While American cinema has often turned Halloween into an evil or gory holiday, it actually has its roots in religious traditions and celebrations. The term Halloween is shortened from All Hallows’ Even (both “even” and “eve” are abbreviations of “evening”, but “Halloween” gets its “n” from “even”) as it is the eve of “All Hallows’ Day” which is now also known as “All Saints’ Day”. In the ninth century, the Church measured the day as starting at sunset, in accordance with the Florentine calendar. Although All Saints’ Day is now considered to occur one day after Halloween, the two holidays were, at that time, celebrated on the same day. Liturgically, the Church traditionally celebrated that day as the Vigil of All Saints, and, until 1970, a day of fasting as well. Like other vigils, it was celebrated on the previous day if it fell on a Sunday, although secular celebrations of the holiday remained on the 31st. The Vigil was suppressed in 1955, but was later restored in the post-Vatican II calendar. As part of the “All Saints’ Day” belief, Halloween was perceived as the night during which the division between the world of the living and the otherworld was blurred so spirits of the saints (the dead) and inhabitants from “the underworld” were able to walk free on the earth. It was believed necessary to dress as a spirit or otherworldly creature when venturing outdoors to blend in, and this is where dressing in costume for Halloween comes from. This gradually evolved into trick-or-treating because children would knock on their neighbors’ doors, in order to gather fruit, nuts, and sweets for the Halloween festival. Salt was once sprinkled in the hair of the children to protect against evil spirits. The carved pumpkin lit by a candle inside, is one of Halloween’s most prominent symbols in America, and is commonly called a jack-o’-lantern. Originating in Europe, these lanterns were first carved from a turnip or rutabaga. Believing that the head was the most powerful part of the body containing the spirit and the knowledge, the Celts used the “head” of the vegetable to frighten off any superstitions. The name jack-o’-lantern can be traced back to the Irish legend of Stingy Jack, a greedy, gambling, hard-drinking old farmer. He tricked the devil into climbing a tree and trapped him by carving a cross into the tree trunk. In revenge, the devil placed a curse on Jack, condemning him to forever wander the earth at night with the only light he had: a candle inside of a hollowed turnip. The carving of pumpkins is associated with Halloween in North America, where pumpkins were readily available and much larger, making them easier to carve than turnips.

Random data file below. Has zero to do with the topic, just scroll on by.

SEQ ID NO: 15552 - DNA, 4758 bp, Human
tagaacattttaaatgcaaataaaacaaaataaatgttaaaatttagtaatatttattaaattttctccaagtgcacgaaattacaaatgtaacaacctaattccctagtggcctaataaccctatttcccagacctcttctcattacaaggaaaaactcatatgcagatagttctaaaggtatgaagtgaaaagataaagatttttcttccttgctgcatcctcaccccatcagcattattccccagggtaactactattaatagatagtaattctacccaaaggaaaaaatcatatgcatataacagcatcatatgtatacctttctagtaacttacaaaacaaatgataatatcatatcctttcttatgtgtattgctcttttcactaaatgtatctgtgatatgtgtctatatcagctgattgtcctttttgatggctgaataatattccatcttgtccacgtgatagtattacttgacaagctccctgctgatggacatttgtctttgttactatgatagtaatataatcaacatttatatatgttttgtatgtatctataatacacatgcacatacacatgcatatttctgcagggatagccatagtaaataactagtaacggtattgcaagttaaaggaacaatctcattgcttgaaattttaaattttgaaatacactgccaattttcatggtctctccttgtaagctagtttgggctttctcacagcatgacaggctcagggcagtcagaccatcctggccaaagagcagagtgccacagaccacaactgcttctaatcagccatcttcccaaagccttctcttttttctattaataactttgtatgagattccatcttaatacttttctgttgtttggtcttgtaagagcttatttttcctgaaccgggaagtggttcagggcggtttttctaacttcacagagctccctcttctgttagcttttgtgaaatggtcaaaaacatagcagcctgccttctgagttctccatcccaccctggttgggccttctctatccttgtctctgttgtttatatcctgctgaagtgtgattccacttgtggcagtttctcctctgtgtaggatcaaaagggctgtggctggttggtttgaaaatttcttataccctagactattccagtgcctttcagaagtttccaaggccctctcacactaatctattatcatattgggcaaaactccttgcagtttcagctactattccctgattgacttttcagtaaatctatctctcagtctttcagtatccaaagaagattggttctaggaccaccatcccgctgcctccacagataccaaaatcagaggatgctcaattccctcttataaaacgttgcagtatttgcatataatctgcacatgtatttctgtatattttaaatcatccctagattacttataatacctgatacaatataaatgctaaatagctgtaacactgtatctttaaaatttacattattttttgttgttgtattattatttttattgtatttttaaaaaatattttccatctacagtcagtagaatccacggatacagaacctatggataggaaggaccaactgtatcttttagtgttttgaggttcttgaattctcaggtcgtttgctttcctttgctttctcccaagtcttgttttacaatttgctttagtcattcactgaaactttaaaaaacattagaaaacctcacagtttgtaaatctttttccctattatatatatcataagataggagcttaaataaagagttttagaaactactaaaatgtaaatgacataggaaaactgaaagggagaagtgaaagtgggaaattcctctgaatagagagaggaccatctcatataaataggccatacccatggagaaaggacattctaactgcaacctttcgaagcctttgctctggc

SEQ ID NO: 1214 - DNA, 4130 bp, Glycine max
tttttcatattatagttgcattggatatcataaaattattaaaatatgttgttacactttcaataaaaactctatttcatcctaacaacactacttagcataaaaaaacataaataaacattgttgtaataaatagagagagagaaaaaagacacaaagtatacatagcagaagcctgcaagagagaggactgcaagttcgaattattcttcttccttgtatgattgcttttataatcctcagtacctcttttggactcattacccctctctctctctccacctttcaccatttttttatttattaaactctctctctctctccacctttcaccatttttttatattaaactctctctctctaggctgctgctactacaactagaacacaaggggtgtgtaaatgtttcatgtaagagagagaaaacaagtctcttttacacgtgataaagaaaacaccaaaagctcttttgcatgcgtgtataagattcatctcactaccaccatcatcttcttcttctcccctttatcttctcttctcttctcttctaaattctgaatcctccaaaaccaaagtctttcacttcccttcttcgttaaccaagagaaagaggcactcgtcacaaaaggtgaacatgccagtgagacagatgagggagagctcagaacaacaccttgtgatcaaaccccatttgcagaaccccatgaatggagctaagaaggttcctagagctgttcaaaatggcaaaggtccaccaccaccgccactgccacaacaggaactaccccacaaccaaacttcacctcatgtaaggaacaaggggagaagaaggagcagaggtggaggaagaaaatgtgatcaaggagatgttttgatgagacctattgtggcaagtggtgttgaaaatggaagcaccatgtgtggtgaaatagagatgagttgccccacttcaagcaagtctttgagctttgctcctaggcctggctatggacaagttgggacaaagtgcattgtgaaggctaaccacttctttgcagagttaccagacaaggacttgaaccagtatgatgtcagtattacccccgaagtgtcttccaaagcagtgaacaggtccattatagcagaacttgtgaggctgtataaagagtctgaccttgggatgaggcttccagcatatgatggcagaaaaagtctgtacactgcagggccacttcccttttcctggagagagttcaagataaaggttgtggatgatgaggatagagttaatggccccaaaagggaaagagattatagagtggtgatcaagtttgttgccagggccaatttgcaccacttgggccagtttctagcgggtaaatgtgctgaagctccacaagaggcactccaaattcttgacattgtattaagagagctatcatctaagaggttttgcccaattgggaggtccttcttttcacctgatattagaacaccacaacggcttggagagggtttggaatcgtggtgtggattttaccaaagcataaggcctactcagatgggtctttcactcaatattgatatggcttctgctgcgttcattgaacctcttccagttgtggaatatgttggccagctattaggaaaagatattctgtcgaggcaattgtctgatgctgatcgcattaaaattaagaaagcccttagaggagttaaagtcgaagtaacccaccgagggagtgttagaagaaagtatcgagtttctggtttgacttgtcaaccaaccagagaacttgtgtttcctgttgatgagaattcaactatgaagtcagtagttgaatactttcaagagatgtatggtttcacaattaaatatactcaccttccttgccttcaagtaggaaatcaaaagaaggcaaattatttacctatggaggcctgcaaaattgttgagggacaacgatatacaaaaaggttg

1885 – 1894
Whitcomb formed the Glendora Land Company to plan the town of Glendora. The Santa Fe Railroad arrived. The first lot was sold, which is where our church now sits. The first schools, churches and packing houses were built.
In our church, June 25, 1885 saw our congregation receive its charter with Rev. Kendrick serving as Pastor. The group which had been meeting for a few years, had grown from the pioneers led by Rev. B.J. Coulter whose evangelistic oak grove meetings inspired the Glendora/Azusa area and served as one of its first congregations. Our first church building was constructed on the corner of Wabash and Bennett in 1888. And the bell purchased by the Sunday school class which was first rung over a century ago is the same one we continue to use today.
1905 – 1924
In Glendora, the city paved Michigan Ave which is now Glendora Avenue and built a new city hall on Foothill Blvd. The first City Hall, which sits next door to First Christian Church, was eventually converted to the Historical Society building. Current City Hall was built in 1922 at Foothill & Glendora Ave. In 1922, the two lots that the church now stands on were purchased for $2,000 and a mortgage was given on the property. Twenty-five members of the church going on a promissory note for security, accepted responsibility equivalent to $1,000. Each on a $25,000 loan. The cornerstone of the new building was set on December 17, 1922. The new building was completed and dedicated on September 16, 1923. The total cost of the lots and the building was $78,000. It took 21 years to repay this loan.